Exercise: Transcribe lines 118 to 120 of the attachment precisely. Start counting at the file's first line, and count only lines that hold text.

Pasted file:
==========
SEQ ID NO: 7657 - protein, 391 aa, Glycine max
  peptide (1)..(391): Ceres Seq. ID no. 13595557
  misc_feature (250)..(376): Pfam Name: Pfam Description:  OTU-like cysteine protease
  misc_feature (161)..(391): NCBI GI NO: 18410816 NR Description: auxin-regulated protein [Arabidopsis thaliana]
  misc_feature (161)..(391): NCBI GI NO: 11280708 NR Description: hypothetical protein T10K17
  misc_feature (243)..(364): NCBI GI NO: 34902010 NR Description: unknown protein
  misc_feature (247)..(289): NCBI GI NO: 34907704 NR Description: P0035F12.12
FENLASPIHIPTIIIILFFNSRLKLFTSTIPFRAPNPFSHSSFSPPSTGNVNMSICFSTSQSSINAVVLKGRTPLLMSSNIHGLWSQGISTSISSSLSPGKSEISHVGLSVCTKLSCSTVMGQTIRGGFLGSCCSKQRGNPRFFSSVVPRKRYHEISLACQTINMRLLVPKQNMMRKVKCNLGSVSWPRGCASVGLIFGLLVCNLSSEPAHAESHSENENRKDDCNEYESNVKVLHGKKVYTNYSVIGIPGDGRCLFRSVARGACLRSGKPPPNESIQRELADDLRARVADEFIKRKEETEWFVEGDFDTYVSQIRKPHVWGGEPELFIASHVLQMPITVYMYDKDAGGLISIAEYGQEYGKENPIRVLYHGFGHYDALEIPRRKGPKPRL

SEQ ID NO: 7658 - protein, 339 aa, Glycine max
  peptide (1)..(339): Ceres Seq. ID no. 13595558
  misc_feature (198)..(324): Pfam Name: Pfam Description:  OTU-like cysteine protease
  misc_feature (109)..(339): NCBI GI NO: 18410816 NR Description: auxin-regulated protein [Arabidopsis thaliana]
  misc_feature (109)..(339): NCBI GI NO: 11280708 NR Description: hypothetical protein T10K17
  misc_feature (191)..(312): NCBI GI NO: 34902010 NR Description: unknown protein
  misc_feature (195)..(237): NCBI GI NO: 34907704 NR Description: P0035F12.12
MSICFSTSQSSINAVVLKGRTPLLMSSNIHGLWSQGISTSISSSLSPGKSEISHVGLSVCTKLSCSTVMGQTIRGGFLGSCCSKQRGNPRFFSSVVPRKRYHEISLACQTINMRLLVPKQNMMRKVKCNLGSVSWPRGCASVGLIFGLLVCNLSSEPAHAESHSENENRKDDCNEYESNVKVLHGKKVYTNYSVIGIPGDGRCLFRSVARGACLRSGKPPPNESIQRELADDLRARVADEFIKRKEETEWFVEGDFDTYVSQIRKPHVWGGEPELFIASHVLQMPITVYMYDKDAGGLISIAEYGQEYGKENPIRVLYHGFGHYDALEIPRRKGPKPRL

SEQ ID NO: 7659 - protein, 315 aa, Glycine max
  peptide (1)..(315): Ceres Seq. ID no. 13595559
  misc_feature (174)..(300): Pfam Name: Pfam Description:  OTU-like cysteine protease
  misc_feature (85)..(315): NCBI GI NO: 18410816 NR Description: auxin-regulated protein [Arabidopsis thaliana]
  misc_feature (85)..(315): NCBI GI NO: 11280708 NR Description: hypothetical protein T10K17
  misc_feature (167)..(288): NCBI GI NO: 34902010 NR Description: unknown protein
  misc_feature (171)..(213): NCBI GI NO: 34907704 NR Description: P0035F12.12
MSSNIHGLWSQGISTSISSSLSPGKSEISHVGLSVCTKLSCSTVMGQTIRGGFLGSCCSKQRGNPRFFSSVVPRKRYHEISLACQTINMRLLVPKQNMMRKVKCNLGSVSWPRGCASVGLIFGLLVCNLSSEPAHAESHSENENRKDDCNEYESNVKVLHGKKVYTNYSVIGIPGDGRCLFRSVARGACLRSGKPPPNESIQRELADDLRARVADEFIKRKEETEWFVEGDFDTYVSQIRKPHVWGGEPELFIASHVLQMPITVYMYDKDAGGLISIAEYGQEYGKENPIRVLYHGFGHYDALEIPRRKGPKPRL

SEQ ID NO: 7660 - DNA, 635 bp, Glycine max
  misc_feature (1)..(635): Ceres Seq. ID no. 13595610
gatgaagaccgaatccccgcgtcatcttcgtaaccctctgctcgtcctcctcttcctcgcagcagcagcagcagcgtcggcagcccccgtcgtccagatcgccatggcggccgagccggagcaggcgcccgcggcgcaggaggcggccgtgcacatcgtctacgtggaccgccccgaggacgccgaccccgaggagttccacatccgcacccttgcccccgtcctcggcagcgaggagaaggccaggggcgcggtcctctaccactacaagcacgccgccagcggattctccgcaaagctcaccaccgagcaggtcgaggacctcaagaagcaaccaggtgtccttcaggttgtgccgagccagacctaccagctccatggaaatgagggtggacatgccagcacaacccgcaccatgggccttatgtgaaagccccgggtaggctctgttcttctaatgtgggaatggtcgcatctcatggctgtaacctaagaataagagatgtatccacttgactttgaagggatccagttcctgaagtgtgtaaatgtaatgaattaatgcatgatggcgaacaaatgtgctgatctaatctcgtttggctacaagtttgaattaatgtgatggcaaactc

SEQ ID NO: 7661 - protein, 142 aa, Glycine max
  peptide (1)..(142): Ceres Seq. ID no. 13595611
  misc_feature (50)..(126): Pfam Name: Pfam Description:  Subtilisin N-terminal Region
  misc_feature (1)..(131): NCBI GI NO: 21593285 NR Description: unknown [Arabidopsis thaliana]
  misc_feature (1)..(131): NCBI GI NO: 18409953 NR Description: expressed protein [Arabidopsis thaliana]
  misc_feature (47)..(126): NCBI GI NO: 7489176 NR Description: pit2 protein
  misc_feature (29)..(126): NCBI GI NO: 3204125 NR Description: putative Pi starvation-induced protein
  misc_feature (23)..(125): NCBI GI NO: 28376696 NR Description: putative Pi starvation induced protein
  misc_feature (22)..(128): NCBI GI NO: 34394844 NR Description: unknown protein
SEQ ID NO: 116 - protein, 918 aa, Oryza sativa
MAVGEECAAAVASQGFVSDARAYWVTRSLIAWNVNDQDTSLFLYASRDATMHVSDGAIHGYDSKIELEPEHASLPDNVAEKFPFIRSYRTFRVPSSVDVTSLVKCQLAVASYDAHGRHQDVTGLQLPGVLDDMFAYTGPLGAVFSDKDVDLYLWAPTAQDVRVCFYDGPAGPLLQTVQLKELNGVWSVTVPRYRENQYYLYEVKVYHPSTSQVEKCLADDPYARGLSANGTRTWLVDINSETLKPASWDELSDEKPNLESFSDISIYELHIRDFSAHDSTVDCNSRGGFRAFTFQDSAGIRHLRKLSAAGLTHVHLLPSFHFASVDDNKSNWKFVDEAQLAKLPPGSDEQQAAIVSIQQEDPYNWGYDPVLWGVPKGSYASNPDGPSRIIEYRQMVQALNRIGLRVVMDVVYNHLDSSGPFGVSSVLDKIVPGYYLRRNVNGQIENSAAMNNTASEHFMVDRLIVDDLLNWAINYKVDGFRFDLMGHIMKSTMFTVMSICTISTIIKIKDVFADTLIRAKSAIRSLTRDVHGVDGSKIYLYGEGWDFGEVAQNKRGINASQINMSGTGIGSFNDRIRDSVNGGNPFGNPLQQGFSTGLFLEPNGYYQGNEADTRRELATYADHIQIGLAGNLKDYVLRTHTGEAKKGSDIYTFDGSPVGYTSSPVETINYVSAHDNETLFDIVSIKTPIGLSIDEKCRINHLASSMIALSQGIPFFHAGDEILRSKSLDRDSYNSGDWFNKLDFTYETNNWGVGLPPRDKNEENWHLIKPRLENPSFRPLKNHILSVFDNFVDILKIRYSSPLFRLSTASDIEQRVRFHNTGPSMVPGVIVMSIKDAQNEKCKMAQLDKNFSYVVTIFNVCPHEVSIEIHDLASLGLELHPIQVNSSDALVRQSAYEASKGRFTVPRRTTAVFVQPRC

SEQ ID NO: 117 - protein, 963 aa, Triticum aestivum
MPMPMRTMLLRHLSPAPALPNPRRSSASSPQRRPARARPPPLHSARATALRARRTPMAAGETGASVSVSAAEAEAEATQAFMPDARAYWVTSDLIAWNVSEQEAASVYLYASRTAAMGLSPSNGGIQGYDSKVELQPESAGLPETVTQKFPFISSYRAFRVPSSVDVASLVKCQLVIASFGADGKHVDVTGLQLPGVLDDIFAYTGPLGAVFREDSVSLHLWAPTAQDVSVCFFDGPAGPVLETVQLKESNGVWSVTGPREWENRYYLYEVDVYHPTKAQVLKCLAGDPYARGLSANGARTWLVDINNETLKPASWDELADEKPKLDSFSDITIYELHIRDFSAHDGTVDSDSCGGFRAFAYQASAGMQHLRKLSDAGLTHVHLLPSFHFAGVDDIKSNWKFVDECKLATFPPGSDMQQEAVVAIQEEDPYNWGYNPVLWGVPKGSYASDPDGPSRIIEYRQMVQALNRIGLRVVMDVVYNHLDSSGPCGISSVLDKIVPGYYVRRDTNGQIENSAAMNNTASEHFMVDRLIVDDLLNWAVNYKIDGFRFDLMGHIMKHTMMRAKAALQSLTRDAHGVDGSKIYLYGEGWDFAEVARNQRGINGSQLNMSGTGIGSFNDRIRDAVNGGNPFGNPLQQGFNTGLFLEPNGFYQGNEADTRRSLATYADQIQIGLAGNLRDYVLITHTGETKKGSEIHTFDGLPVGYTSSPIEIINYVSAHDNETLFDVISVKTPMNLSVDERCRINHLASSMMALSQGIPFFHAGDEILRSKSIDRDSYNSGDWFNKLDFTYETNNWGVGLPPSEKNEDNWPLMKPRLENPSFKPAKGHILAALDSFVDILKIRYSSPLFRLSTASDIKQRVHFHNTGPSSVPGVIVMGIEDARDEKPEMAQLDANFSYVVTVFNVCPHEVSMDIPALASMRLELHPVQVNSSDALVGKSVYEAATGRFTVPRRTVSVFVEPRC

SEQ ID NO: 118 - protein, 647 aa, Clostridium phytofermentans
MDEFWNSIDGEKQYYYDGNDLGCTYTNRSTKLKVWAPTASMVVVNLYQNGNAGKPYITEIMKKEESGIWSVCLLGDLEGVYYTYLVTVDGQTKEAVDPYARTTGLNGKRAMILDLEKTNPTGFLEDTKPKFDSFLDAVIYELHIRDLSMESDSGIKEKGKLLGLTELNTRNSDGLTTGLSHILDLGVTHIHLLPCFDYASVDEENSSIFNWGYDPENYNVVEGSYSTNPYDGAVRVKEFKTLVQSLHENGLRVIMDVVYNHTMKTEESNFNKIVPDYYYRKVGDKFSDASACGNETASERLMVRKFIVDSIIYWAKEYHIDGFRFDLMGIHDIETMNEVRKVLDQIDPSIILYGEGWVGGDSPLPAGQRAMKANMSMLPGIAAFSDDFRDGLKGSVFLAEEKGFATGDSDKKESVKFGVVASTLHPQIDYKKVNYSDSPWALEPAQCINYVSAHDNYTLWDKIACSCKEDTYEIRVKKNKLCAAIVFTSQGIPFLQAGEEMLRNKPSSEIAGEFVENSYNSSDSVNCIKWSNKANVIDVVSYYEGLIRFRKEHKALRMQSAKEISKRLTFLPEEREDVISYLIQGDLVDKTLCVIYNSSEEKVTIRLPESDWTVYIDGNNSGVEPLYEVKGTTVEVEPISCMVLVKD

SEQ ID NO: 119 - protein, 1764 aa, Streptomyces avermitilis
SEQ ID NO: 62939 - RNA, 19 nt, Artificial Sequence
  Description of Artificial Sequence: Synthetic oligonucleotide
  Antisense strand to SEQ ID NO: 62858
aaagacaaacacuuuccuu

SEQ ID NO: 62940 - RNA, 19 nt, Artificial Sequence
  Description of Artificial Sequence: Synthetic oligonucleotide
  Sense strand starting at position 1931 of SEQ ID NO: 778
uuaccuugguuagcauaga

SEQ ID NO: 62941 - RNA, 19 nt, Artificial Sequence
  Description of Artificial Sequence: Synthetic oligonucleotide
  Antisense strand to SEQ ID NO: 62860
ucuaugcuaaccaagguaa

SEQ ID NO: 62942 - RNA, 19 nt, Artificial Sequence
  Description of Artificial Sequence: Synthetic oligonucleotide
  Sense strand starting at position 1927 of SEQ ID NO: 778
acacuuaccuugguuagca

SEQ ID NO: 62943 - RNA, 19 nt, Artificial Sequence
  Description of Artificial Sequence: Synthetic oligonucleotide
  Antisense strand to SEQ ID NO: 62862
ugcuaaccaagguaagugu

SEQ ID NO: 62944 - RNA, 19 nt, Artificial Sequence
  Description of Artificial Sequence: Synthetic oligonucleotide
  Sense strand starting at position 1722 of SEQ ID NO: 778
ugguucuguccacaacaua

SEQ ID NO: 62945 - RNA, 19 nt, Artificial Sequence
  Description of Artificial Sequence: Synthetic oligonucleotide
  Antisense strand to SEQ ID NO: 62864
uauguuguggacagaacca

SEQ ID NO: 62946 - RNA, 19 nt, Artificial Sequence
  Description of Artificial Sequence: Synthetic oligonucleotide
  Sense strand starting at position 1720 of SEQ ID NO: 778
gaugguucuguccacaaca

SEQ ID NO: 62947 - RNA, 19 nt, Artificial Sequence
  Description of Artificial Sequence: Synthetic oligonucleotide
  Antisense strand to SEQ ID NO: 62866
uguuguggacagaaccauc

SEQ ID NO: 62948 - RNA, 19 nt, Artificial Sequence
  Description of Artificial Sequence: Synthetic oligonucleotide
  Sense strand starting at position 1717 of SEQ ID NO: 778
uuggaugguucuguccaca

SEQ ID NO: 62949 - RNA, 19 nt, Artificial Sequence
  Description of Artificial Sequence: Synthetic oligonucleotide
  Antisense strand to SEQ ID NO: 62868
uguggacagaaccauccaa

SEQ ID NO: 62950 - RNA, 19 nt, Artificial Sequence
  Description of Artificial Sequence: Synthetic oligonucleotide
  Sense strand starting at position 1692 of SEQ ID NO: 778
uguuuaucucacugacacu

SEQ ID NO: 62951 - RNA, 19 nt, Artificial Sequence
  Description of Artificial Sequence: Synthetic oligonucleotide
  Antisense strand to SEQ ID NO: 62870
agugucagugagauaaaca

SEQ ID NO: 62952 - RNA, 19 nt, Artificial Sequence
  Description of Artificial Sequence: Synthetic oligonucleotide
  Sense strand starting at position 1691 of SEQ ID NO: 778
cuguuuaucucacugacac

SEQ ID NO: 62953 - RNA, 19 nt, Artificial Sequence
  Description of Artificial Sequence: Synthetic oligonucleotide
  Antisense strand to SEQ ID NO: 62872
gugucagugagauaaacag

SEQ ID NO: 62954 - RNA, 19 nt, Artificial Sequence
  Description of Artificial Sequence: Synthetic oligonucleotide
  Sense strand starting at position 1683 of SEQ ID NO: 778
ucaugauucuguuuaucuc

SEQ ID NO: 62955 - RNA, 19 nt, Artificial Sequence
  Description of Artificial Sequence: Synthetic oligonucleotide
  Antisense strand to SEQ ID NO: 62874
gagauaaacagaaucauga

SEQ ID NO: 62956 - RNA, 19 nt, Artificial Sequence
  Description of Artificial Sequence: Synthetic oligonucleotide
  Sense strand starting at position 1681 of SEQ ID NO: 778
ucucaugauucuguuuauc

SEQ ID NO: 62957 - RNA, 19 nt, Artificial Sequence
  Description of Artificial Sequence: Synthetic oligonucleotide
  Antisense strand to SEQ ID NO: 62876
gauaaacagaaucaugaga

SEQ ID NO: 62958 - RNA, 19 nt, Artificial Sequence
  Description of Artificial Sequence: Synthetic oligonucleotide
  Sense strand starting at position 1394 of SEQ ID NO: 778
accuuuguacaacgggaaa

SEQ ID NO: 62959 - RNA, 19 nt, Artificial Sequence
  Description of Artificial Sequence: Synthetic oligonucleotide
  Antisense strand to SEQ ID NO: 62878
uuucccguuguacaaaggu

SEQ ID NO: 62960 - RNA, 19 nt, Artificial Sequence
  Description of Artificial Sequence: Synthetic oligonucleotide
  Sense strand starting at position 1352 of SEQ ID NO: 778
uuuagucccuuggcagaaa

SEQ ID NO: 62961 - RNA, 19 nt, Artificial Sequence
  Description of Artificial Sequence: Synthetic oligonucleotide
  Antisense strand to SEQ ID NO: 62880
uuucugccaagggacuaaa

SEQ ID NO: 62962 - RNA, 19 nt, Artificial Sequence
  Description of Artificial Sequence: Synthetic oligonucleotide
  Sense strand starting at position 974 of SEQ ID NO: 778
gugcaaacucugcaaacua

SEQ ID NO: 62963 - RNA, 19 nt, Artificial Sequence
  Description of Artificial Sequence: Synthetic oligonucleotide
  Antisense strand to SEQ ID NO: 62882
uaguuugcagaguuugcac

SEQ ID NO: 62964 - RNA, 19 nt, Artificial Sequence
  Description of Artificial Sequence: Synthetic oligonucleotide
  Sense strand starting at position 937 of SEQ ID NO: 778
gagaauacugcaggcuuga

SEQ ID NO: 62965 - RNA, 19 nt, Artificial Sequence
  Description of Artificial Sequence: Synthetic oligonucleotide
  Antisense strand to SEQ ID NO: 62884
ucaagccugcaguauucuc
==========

  Antisense strand to SEQ ID NO: 62876
gauaaacagaaucaugaga

SEQ ID NO: 62958 - RNA, 19 nt, Artificial Sequence